Three feet of rope, four nails and a blue net all wrapped inside a plastic bag may not seem like they can save lives. However, these tools - along with the partnership between members of Civil Affairs Team 4905, government and non-government organizations - can impede the spread of malaria in Ethiopia.
CAT 4905, assigned to Combined Joint Task Force - Horn of Africa, distributed 18,000 packs of insecticide-treated bed nets, rope and nails to Ethiopians in Samaro and Debaka, Debobesa, here March 15 and 16.
"We are in the Abaya Wordea, which is one of the most (malaria-infected) regions during this time of year in the country of Ethiopia, so obviously there is a great need to fight malaria in this area," said U.S. Army Corporal Benjamin Whiddon, a Houston, Texas native and CAT 4905 team medic. "One of the primary ways to fight malaria is prevention. One great way to prevent malaria is the use of bed nets, which we are distributing here."
The rainy season causes a mixed reaction among many Ethiopians, said Gobena Guye, local health office worker and malaria prevention coodinator, from Guanga, Ethiopia. Farmers appreciate rain, as it nourishes crops and provides the harvest, but for other Ethiopians, the rain signifies a larger mosquito population near bodies of water, said Guye.
CAT 4905 Team Leader U.S. Army Captain Charles Varner, of Los Angeles, said irregular weather patterns delayed the rains this year. When the rains do come, people in this region expect a "gigantic spike in the cases of malaria," he said.
To quell this spike, members of the 4905 CAT worked with Ethiopians, the U.S. Agency for International Development and the organization Communication for Change to execute Operation: MASH.
"Operation: MASH stands for 'Malaria in Abaya Stops Here.' When you call this a 'bed net distribution,' you are really over-simplifying what we're doing," said U.S. Army Staff Sergeant Melissa McGaughey, CAT 4905 team sergeant of Fort Worth, Texas.
According to Ethiopian government studies, people do have insecticide-treated bed nets, yet they are still contracting malaria.
"The problem is they don't know how to properly employ those nets (or how to avoid the disease)," said McGaughey.
Through additional information on how to recognize malaria symptoms and employ nets in their homes, the Ethiopians are getting more tools they need to slow the malaria epidemic, said McGaughey.
Ethiopian workers provided initial training on malaria prevention at a centralized location. Afterward, the trainees put out the schedule of the training and bed net distribution in their local communities, allowing hundreds of Ethiopians to receive the information and nets.
Empowering Ethiopians to protect themselves against this disease would not be possible without the partnership between the Ethiopian organizations and the Americans, said McGaughey.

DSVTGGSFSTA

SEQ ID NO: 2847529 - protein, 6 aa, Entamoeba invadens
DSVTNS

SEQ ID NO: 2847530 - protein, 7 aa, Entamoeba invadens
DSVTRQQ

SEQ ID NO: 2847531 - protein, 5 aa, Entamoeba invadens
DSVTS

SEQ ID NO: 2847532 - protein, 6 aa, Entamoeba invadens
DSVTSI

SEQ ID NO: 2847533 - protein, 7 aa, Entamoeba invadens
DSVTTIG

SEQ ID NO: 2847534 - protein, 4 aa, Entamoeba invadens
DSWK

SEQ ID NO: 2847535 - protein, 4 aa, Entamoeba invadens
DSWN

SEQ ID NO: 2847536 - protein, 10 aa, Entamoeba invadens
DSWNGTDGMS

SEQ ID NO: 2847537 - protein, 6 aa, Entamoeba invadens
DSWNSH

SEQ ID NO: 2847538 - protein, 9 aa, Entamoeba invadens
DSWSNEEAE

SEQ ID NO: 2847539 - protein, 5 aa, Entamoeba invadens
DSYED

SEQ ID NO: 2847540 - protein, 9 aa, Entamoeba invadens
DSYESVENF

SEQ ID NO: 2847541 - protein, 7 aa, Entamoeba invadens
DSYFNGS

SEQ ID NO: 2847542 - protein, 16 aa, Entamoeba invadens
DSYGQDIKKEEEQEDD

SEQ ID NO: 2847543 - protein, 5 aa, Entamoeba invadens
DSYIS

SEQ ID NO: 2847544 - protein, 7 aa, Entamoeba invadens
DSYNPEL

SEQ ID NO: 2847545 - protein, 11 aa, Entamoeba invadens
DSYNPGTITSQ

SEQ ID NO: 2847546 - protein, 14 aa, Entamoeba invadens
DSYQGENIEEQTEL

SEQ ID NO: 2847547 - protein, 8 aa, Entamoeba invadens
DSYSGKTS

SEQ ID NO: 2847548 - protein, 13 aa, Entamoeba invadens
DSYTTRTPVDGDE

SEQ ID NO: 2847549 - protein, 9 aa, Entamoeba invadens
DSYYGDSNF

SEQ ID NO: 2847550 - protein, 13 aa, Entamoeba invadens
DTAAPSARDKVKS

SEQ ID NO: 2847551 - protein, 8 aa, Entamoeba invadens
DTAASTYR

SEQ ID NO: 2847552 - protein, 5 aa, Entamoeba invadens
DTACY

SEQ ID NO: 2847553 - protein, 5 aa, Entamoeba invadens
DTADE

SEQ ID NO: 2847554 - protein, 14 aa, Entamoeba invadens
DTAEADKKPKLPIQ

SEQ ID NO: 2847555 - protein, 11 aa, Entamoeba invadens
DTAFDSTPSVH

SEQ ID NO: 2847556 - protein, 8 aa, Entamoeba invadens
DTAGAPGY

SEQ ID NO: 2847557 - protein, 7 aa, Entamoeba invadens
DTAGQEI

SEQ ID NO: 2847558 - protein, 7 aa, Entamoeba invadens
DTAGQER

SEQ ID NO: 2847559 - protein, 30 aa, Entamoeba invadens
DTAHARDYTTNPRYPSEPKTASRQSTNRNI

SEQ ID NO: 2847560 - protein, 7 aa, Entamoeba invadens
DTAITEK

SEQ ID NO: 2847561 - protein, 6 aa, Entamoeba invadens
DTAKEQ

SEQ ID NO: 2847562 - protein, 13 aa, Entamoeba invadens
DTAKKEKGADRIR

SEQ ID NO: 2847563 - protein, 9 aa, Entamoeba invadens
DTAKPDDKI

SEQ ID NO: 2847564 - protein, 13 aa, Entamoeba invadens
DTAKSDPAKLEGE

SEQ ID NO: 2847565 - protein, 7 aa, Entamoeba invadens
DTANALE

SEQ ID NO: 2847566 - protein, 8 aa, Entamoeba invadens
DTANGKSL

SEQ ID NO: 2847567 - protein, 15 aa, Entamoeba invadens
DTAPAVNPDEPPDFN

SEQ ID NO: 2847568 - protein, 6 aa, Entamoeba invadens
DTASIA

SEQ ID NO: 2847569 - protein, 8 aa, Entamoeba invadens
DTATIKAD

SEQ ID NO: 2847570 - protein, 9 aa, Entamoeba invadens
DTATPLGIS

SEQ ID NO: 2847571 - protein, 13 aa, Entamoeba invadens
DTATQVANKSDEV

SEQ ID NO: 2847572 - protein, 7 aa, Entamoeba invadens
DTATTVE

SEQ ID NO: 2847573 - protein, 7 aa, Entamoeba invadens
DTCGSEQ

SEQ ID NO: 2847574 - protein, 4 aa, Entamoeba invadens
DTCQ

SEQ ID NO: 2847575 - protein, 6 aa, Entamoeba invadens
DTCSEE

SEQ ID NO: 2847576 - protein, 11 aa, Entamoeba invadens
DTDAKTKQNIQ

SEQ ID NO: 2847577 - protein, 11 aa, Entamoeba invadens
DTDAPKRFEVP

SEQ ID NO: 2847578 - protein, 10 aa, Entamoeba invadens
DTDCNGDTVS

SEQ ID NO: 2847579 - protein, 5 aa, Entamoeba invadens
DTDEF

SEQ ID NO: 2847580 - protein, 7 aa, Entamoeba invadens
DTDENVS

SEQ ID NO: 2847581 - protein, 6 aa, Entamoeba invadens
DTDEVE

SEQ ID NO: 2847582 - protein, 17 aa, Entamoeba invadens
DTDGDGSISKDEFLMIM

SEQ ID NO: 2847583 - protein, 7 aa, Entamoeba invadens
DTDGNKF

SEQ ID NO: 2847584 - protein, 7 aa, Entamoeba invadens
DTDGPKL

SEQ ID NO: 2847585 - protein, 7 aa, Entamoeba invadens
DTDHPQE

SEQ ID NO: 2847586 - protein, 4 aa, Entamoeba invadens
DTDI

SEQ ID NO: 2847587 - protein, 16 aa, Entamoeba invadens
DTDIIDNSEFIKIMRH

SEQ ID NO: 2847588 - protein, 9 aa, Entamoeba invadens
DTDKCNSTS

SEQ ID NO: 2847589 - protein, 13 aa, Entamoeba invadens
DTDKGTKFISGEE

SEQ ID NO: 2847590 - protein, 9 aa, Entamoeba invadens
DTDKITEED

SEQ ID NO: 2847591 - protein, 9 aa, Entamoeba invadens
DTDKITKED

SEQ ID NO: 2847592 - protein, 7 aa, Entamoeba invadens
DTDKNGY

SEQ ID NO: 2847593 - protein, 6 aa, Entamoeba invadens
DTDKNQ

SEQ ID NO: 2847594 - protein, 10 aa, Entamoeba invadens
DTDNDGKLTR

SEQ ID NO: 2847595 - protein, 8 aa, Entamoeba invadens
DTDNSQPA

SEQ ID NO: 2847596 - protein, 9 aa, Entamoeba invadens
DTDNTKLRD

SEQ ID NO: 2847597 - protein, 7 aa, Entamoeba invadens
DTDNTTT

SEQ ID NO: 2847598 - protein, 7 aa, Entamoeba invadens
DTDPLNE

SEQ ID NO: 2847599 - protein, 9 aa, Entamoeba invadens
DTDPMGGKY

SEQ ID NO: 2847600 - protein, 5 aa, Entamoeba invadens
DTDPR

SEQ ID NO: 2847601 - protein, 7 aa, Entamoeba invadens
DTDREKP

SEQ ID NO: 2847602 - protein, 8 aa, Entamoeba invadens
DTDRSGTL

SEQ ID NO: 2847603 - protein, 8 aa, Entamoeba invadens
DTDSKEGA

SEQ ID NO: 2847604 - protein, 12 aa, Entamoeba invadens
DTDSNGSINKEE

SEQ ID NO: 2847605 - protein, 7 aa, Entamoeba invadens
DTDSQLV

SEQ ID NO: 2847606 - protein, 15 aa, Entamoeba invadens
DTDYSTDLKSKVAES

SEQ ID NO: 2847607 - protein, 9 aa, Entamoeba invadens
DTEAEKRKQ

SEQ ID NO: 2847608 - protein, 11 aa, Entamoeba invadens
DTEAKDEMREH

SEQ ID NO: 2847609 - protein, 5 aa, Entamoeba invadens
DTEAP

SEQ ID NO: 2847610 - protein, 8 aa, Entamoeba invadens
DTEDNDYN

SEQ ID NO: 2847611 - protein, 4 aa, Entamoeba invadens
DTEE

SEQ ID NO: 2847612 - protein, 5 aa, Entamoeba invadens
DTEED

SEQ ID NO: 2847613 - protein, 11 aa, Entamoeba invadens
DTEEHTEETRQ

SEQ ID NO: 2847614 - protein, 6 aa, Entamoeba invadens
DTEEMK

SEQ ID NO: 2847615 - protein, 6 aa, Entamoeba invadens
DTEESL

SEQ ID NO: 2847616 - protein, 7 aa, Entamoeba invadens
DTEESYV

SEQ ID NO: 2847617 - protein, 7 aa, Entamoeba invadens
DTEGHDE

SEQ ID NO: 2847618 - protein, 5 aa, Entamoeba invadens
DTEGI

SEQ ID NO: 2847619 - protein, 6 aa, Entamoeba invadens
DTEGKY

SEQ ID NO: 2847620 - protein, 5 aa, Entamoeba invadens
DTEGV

Programs, such as the U.S.-funded President's Malaria Initiative, provide bed nets to Ethiopia. However, some of the austere locations have no way of receiving these supplies. This is where the civil affairs team comes in.
"(We transport the nets) the last mile and into the hands of people who really need them," said Varner. "This is something that only CJTF-HOA is able to do in southern Ethiopia."
"Without the non-governmental organization community, we wouldn't have the Communication for Change piece," said McGaughey. "Without the government of Ethiopia, the people wouldn't know we're coming. Without us, the nets would never get there. The partnership is the best take-away from this. We can fully address the problem instead of giving a partial answer."
Ethiopians involved in the program said the training, coupled with distribution, creates a positive outcome for the Ethiopian people.
"I enjoy my work," said Azenegash Haire, a veteran health station worker from Hageramariam, Ethiopia, who trained hundreds of Ethiopians on bed net employment. "I believe it is working and it is effective."
The training and net distribution is fantastic, said Bayissa Urgesa, an Ethiopian Communication for Change community organization manager. With USAID and C-Change working with CJTF-HOA, participation in malaria prevention increased remarkably. "We really are saving lives," he said.
"We have been (in Ethiopia) for eight months," Whiddon said. "We've been looking forward to this for a long time now. It's a very rewarding process, and I am really happy to be a part of it. This is what deployments are all about. Not many people get this opportunity (and) I am very fortunate to be a part of it."
"If we're able to give (the Ethiopians) a means to protect themselves from getting sick, it's a good thing," said U.S. Navy Petty Officer 2nd Class Chris Smith CAT 4905 communications non-commissioned officer and native of Dothan, Alabama. "It makes you feel good not just being here, but also (knowing) what your country is doing to help others."